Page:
“Each time I take a picture, I ask myself, “What is this picture about?” Then I work to edit out the extraneous elements, to get to the heart of the subject. My first goal is to convey the pertinent information about the subjects - winemakers, wineries, and vineyards, as well as the work that goes into growing grapes and making great wine. My second goal is to create strong compositions, artistic in their own right.
Years ago I visited Claude Monet’s house in Giverny, France. On the rich yellow walls of his dining room, I discovered his collection of prints by Hokusai, a genius of composition who lived in Japan from 1760-1849. You may know of his “36 Views of Mount Fuji”, including his iconic “The Great Wave Off Kanagawa”.
I loved his work, and when I visited Japan, I made a pilgrimage to the Hokusai Museum. I studied the way he would use the branch of a tree or the arch of a bridge overhead to frame a view. Monet was clearly inspired by Hokusai, and so was I.
In college, I studied architecture at Georgia Tech. In designing buildings, I learned about color, shadow, line and texture. I applied these elements to my photography from the start. I sought out beauty in abstract elements, using flow, rhythm, and pattern, which are abundant in rows of vineyards or barrels in the cellar.
To me, light is fifty percent of the success of the image. I always do my outdoor photography early in the morning and late in the afternoon, when the light is golden and the shadows are deeper. My saying is, “I shoot outdoors when my shadow is taller than I am”.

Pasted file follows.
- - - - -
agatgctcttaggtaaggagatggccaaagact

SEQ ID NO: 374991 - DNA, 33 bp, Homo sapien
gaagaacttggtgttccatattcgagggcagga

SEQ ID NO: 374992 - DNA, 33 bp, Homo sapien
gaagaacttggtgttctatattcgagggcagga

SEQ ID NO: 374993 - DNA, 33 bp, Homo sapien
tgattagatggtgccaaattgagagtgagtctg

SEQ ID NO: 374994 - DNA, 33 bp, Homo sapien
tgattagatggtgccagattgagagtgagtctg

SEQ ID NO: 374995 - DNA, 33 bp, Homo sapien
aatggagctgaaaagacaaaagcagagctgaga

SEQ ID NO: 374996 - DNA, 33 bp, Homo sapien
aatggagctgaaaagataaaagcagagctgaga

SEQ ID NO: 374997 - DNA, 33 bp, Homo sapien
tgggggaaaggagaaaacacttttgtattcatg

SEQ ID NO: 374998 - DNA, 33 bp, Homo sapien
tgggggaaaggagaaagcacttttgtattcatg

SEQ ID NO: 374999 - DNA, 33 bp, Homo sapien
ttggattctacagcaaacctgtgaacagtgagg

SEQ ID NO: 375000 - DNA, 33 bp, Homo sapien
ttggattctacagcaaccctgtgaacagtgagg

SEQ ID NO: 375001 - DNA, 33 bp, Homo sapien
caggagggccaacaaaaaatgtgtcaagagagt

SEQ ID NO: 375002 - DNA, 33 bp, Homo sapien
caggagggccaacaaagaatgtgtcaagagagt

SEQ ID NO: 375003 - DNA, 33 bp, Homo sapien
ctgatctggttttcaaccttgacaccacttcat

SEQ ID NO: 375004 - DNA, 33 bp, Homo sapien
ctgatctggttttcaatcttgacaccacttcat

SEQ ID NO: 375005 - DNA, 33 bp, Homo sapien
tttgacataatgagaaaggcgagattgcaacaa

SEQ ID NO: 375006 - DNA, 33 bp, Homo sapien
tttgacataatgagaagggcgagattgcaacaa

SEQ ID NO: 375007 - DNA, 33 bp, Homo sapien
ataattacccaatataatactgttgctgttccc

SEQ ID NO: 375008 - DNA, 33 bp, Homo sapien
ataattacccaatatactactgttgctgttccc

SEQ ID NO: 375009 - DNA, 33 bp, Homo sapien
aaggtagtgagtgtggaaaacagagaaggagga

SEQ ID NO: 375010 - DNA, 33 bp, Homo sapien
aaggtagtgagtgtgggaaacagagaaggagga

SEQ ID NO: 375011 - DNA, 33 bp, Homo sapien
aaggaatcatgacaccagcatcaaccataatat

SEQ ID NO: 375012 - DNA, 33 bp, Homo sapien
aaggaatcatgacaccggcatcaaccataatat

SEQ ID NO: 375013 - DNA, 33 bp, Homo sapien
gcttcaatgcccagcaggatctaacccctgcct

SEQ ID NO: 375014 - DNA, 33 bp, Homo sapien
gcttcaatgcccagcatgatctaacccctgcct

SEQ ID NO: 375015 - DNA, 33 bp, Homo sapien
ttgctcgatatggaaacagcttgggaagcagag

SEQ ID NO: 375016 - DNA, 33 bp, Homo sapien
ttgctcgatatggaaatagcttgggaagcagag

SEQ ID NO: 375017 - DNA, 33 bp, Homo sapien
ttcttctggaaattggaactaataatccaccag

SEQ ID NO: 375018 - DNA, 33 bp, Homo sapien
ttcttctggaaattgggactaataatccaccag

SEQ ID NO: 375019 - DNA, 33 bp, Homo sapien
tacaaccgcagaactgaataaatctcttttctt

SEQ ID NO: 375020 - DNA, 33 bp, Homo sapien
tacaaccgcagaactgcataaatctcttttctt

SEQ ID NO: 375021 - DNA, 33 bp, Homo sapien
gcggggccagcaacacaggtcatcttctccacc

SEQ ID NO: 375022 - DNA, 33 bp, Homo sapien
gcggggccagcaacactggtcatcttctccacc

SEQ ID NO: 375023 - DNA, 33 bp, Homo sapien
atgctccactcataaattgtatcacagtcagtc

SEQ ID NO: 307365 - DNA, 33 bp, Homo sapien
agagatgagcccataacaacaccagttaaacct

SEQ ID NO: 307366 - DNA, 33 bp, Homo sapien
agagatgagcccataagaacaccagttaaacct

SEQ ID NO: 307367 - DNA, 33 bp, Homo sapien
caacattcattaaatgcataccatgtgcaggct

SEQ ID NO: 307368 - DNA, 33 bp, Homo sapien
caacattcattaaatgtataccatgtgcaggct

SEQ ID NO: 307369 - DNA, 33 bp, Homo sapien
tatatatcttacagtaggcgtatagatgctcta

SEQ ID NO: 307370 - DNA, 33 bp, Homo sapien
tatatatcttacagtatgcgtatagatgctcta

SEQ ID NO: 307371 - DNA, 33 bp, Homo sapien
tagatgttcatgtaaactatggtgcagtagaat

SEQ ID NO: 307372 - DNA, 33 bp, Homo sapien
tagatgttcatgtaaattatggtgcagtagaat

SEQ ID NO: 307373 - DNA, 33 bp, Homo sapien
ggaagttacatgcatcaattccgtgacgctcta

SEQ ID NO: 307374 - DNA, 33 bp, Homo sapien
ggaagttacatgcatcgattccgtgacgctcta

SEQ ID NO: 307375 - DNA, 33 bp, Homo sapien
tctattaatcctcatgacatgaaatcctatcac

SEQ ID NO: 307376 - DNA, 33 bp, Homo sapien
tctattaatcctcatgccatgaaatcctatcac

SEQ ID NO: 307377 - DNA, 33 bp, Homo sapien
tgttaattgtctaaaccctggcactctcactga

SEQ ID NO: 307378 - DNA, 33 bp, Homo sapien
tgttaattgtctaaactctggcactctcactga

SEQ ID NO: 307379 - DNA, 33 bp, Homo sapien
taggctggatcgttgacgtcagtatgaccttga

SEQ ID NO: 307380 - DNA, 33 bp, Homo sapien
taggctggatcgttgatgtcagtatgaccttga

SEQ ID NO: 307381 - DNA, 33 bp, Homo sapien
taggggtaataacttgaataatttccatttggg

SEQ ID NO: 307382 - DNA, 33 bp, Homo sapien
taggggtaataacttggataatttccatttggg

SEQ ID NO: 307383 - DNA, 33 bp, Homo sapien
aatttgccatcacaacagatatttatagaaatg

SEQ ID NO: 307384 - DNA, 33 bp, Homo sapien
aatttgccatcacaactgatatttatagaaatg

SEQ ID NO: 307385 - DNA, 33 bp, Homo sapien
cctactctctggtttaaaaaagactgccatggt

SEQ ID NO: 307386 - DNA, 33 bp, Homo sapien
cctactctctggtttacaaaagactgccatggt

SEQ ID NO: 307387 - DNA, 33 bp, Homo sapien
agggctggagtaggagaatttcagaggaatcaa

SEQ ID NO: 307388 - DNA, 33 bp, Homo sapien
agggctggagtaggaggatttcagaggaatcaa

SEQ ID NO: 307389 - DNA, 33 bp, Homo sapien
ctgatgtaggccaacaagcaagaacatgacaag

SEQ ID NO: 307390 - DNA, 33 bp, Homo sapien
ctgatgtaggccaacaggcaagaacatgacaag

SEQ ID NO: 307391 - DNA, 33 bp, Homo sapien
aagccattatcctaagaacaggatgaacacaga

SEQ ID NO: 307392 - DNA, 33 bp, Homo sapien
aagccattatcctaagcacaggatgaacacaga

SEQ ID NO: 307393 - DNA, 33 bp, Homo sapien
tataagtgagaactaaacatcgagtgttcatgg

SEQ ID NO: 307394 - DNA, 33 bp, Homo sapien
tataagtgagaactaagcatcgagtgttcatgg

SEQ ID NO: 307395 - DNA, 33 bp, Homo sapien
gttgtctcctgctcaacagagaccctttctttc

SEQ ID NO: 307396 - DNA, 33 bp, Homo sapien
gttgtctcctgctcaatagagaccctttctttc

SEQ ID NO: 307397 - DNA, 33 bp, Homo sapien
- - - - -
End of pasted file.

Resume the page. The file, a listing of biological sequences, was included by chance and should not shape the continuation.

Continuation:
I choose what pictures to take based on the natural light that I have. For example, overcast skies are perfect for portraits, or close-ups of grapes and vines. I find that sunny skies are better for landscapes and architecture, because the contours of the land and buildings are outlined by shadows, giving greater definition.
Once I zero in on my subject, I make sure to “move my feet” to explore different sides and angles. I also elevate my perspective by strapping onto a lift, cherry picker or helicopter. Later in my career, I used my drones to fly high and get incredible perspectives.
Most of my work was for winery clients, who hired me to produce a library of images and videos to define their “visual identity.” I worked with many clients for a decade or more, building relationships that gave me a deeper understanding of their way of growing grapes and making wine.
I have been fortunate to work with the owners, winemakers and vineyard managers of some of the best wineries in the world. These are creative, innovative, knowledgable people who appreciated that I could bring “more than just photography” to their business. I could also help them develop their vision of how to tell their story to the world.
My career as a wine photographer satisfied my appetite for travel and allowed me to explore new cultures through the eyes of people who lived and worked there. I was lucky to learn from the best in the business and apply that to my work. Thank you to all the great people I have worked with. I appreciate your professionalism, creativity, and friendship.”